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Library Displays: Finals Week Stress Management

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Finals Week Stress Management

Stress Management: Relax, music, hobby, meditation, therapy, motivation, travel and exercise


Stress relieving bookmarks created by fellow Taft College student Hailey Riddle Fall 2021. CC BY-NC-SA 4.0

Stress relieving bookmarks created by fellow Taft College student Hailey Riddle Fall 2021. CC BY-NC-SA 4.0

What Is Stress?

The word stress surrounded by cracks.

What Is Stress?

Stress is your body’s way of responding to any kind of demand or threat. When you feel threatened, your nervous system responds by releasing a flood of stress hormones, including adrenaline and cortisol, which rouse the body for emergency action. Your heart pounds faster, muscles tighten, blood pressure rises, breath quickens, and your senses become sharper. These physical changes increase your strength and stamina, speed your reaction time, and enhance your focus. This is known as the “fight or flight” or mobilization stress response and is your body’s way of protecting you.

When stress is within your comfort zone, it can help you to stay focused, energetic, and alert. In emergency situations, stress can save your life—giving you extra strength to defend yourself, for example, or spurring you to slam on the brakes to avoid an accident. Stress can also help you rise to meet challenges. Stress is what keeps you on your toes during a presentation at work, sharpens your concentration when you’re attempting the game-winning free throw, or drives you to study for an exam when you'd rather be watching TV. But beyond your comfort zone, stress stops being helpful and can start causing major damage to your mind and body.


The Body’s Stress Response

When you need (or think you need) to defend yourself or run away from danger, your body prepares for mobilization. The nervous system rouses for emergency action—preparing you to either fight or flee from the danger at hand.

If mobilization fails, the body freezes instead, a response known as immobilization. In extreme, life-threatening situations, you may even lose consciousness, enabling you to survive high levels of physical pain. This can leave you traumatized or unable to move on.


The Effects of Chronic Stress

The body’s nervous system often does a poor job of distinguishing  between daily stressors and life-threatening events. If you’re stressed over an argument with a friend, a traffic jam on your commute, or a mountain of bills, for example, your body can still react as if you’re facing a life-or-death situation.

When you repeatedly experience the mobilization or fight-or-flight stress response in your daily life, it can lead to serious health problems.  Chronic stress disrupts nearly every system in your body. It can shut down your immune system, upset your digestive and reproductive     systems, raise blood pressure, increase the risk of heart attack and stroke, speed up the aging process and leave you vulnerable to many mental and physical health problems.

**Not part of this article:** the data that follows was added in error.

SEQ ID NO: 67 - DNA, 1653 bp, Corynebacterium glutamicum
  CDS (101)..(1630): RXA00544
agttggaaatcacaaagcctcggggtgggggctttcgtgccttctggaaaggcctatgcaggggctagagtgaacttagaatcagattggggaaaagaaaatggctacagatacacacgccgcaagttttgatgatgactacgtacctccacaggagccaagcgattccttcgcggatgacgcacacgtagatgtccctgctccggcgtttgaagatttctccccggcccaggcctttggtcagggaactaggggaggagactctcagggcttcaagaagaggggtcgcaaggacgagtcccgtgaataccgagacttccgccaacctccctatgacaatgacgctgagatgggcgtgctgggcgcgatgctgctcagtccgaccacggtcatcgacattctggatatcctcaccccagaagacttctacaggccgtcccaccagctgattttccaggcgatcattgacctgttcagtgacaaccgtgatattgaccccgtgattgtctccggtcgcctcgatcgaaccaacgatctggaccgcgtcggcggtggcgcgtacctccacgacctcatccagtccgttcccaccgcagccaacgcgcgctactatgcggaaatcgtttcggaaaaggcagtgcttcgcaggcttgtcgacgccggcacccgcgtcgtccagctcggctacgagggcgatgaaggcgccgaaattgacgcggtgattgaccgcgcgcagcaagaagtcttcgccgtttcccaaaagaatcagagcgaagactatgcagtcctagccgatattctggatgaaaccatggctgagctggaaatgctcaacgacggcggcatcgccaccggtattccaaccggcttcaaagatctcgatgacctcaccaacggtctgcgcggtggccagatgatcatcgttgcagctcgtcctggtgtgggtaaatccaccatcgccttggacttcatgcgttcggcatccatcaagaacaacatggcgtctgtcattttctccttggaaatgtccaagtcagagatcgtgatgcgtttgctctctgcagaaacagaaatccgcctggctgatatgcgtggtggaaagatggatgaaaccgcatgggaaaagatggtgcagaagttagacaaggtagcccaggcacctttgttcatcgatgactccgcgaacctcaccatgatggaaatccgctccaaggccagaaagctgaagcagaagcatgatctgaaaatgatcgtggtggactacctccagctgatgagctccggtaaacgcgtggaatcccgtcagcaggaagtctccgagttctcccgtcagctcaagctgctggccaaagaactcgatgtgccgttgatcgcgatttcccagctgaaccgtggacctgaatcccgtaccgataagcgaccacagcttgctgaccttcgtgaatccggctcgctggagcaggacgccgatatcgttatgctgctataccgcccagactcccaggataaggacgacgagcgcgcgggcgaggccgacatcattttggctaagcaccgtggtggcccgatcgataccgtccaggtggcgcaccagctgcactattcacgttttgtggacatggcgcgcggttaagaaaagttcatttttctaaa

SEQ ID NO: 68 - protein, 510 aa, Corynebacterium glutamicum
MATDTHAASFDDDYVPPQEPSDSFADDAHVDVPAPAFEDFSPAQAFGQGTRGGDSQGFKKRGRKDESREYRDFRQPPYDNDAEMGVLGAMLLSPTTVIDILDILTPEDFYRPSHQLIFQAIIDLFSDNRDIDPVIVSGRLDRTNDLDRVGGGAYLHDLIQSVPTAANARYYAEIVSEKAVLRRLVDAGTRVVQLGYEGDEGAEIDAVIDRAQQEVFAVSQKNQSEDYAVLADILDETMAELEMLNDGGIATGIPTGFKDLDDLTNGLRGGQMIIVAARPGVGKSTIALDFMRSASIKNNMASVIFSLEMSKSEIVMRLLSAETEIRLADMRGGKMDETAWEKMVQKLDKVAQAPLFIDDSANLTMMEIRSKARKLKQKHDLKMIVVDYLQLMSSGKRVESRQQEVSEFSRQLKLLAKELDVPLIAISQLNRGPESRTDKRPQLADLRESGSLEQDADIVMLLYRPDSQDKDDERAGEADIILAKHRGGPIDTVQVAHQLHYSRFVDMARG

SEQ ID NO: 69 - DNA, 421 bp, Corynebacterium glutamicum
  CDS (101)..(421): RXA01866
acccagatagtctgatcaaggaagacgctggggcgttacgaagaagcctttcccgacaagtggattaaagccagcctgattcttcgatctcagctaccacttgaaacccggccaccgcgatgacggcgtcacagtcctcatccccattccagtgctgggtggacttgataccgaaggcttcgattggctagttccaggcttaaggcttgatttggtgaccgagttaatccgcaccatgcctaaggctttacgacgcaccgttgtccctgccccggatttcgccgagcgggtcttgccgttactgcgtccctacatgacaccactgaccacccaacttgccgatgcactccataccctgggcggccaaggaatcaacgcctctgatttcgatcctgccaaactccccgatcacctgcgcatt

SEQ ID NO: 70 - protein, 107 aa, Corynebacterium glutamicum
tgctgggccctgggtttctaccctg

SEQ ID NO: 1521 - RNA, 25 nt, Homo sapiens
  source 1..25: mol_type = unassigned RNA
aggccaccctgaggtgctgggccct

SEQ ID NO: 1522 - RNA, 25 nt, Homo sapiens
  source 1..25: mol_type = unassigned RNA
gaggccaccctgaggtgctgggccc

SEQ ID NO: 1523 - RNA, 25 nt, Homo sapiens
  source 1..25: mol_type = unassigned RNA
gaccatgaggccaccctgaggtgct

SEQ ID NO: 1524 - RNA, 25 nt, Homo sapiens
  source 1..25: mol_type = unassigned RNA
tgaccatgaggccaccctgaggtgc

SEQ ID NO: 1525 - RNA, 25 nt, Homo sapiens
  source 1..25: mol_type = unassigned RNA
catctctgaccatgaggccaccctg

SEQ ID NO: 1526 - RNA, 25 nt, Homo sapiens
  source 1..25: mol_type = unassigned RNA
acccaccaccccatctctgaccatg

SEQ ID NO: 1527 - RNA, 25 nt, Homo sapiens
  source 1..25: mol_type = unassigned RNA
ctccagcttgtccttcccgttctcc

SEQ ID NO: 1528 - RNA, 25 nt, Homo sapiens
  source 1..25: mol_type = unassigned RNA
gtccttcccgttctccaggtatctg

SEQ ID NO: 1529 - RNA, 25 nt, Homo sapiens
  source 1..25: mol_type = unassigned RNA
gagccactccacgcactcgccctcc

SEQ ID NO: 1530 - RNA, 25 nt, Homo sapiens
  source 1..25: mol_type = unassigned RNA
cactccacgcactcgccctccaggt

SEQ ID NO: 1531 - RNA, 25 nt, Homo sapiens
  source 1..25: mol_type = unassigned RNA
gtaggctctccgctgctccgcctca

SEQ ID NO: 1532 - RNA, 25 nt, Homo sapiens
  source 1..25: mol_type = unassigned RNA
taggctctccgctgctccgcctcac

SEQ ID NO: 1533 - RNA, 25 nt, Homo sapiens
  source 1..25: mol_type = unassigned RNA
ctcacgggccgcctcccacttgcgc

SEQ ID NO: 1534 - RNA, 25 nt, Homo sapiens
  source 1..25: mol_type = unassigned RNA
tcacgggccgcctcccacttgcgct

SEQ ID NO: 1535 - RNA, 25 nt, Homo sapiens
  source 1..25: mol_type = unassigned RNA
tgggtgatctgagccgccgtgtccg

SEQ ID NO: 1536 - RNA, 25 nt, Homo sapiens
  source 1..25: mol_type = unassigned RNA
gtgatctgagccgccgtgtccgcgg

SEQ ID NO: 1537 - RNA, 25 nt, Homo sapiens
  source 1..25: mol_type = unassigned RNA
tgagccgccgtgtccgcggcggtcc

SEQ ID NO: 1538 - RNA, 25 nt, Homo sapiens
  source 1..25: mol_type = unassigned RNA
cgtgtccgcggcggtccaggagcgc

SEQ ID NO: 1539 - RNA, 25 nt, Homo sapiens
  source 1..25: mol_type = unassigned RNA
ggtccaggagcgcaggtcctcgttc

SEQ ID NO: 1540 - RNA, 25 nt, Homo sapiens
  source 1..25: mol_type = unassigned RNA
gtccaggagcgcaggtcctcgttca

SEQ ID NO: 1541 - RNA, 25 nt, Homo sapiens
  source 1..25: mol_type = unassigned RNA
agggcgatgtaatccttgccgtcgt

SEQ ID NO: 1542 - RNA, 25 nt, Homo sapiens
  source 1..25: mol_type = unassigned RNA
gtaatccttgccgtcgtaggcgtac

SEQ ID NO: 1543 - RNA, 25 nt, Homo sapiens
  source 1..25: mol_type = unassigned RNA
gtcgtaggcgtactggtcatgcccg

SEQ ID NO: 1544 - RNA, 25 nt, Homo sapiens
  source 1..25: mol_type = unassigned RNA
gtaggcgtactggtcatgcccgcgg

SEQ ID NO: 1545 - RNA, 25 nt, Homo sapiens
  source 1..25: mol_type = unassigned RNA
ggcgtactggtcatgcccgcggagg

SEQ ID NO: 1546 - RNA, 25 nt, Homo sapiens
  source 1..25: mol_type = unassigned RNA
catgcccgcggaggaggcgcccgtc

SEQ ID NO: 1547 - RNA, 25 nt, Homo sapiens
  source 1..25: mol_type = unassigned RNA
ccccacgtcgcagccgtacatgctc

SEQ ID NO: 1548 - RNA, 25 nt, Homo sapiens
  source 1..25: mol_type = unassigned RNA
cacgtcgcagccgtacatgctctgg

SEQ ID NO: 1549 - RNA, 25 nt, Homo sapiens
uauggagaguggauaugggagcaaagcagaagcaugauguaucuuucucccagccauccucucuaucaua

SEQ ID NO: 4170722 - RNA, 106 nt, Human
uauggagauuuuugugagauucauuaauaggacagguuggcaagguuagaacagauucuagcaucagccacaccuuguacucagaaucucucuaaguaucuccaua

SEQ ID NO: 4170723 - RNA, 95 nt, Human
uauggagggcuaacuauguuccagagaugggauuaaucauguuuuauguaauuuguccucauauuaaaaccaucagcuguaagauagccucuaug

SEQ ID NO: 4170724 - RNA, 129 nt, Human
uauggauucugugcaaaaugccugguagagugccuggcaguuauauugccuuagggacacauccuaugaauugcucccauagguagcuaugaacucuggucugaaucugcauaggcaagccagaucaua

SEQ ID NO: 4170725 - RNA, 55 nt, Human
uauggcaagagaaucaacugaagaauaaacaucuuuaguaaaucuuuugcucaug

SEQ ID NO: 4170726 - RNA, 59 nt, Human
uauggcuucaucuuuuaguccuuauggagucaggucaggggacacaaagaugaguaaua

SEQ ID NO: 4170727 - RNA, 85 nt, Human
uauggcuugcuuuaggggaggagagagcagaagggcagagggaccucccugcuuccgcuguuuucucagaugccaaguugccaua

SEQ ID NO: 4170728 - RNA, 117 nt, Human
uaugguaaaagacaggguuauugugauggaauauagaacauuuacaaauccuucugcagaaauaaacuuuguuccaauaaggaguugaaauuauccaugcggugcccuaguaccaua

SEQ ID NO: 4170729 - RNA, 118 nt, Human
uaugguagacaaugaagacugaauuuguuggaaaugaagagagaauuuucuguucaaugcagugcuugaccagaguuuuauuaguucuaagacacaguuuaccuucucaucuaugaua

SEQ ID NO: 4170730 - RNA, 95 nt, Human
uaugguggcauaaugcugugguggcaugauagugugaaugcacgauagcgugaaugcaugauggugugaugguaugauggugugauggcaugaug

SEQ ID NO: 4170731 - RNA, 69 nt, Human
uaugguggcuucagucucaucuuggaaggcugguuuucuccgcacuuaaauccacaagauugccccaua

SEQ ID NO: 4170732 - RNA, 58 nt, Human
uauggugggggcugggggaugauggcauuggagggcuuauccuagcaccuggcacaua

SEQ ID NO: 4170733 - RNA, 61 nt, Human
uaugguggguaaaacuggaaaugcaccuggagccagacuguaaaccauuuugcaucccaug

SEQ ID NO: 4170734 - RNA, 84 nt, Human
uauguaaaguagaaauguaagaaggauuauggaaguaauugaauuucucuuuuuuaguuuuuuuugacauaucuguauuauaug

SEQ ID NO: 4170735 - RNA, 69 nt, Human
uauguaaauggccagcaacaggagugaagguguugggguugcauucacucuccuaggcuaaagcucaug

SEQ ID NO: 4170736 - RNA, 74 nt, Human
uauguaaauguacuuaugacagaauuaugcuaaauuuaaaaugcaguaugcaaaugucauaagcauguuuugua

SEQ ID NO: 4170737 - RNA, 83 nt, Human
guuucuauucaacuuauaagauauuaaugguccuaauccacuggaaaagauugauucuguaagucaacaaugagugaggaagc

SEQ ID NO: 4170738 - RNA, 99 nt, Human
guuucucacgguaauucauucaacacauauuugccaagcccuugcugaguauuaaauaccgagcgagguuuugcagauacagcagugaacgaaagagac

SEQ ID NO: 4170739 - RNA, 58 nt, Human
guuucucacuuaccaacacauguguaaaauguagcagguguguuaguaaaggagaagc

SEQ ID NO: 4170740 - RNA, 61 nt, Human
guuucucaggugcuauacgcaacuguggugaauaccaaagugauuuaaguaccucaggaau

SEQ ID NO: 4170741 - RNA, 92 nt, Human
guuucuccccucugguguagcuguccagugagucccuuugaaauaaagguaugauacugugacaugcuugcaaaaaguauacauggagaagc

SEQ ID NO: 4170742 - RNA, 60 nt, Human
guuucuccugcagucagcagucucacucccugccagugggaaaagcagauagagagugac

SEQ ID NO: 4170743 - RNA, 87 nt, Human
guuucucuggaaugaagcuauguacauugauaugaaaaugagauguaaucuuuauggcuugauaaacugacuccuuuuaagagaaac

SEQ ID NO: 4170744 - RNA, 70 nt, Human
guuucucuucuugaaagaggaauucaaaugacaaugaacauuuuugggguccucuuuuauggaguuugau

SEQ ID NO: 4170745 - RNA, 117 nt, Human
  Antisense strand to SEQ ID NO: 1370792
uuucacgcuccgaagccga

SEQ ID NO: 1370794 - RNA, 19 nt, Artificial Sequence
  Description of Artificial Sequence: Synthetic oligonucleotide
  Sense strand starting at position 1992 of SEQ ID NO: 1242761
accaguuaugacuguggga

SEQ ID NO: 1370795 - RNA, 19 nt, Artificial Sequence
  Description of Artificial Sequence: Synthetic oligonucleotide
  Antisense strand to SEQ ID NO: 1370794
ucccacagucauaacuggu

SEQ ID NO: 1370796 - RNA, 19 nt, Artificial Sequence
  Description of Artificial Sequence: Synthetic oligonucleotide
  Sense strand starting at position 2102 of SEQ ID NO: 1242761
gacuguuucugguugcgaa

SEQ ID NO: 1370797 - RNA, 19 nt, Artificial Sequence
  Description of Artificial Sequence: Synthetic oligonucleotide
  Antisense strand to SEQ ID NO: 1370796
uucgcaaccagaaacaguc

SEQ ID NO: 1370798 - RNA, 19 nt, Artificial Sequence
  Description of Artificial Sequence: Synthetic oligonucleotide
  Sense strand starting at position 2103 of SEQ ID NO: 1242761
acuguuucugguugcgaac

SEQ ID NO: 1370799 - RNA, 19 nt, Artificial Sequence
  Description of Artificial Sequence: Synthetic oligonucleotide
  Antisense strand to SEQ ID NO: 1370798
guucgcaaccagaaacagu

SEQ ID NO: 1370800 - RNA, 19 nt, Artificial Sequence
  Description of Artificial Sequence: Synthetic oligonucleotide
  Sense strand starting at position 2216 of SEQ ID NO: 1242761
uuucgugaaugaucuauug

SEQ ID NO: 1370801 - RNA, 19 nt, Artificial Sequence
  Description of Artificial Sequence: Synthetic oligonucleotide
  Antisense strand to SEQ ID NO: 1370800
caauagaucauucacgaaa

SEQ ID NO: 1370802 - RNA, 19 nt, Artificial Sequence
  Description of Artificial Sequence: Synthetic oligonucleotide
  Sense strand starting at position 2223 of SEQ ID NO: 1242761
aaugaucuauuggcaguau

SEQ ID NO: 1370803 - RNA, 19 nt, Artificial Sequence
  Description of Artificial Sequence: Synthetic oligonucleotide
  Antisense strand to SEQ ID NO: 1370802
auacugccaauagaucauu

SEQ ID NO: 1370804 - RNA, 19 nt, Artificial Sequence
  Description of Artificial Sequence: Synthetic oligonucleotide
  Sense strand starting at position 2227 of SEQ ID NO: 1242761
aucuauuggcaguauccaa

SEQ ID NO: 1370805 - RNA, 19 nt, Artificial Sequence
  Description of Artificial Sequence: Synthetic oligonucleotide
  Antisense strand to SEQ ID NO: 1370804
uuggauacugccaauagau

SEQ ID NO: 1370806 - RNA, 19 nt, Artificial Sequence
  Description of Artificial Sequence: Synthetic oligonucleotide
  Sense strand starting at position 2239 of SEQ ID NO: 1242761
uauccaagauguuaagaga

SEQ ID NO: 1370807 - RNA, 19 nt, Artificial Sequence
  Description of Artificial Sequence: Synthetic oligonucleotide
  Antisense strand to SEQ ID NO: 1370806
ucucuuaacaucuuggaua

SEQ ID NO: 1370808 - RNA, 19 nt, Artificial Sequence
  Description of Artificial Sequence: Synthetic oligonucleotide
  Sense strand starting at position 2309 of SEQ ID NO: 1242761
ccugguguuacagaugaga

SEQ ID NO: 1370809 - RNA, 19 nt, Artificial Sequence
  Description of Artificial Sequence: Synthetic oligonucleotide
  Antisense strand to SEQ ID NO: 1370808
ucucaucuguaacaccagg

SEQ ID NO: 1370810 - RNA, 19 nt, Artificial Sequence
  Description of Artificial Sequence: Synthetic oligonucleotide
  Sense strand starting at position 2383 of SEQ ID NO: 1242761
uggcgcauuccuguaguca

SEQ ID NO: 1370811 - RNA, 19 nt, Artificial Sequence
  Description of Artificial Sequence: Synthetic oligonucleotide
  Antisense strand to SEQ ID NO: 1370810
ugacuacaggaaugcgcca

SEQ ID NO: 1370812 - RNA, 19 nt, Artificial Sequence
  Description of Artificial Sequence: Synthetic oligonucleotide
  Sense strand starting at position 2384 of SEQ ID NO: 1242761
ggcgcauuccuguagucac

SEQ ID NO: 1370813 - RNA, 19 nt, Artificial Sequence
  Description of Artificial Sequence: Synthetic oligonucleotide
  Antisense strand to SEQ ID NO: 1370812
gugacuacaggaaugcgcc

Causes of Stress

Causes of Stress

The situations and pressures that cause stress are known as stressors. We usually think of stressors as being negative, such as an exhausting work schedule or a rocky relationship. However, anything that puts high demands on you can be stressful. This includes positive events such as getting married, buying a house, going to college, or receiving a promotion.

Of course, not all stress is caused by external factors. Stress can also be internal or self-generated, when you worry excessively about something that may or may not happen, or have irrational, pessimistic thoughts about life.

Some common external causes of stress include major life changes, work or school, relationship difficulties, financial problems, being too busy, children and family. Common internal causes of stress may include chronic worry, pessimism, rigid thinking or lack of flexibility, negative self-talk, unrealistic expectations, and an all-or-nothing attitude.


Stress Tolerance: How Much Stress Is Too Much?

We're all different. Some people seem to be able to roll with life’s punches, while others tend to crumble in the face of small obstacles or frustrations. Some people even thrive on the excitement of a high-stress lifestyle. For example, your morning commute may make you anxious and tense because you worry that traffic will make you late. Others, however, may find the trip relaxing because they allow more time and enjoy listening to music while they drive.

Your resiliency to stress depends on many factors, but there are steps you can take to improve your tolerance and handle more setbacks and challenges without becoming overwhelmed by stress.



Traumatic Events and Stress

Traumatic Events and Stress

Sometimes after experiencing a traumatic event that is especially  frightening—including personal or environmental disasters, or being threatened with an assault—people have a strong and lingering stress reaction to the event. Strong emotions, jitters, sadness, or depression may all be part of this normal and temporary reaction to the stress of an overwhelming event.

Feeling emotional and nervous or having trouble sleeping and eating can all be normal reactions to stress. Engaging in healthy activities and getting the right care and support can put problems in perspective and help stressful feelings subside in a few days or weeks. Some tips for     beginning to feel better are:

  • Take care of yourself
  • Eat healthy, well-balanced meals
  • Exercise on a regular basis
  • Get plenty of sleep
  • Give yourself a break if you feel stressed out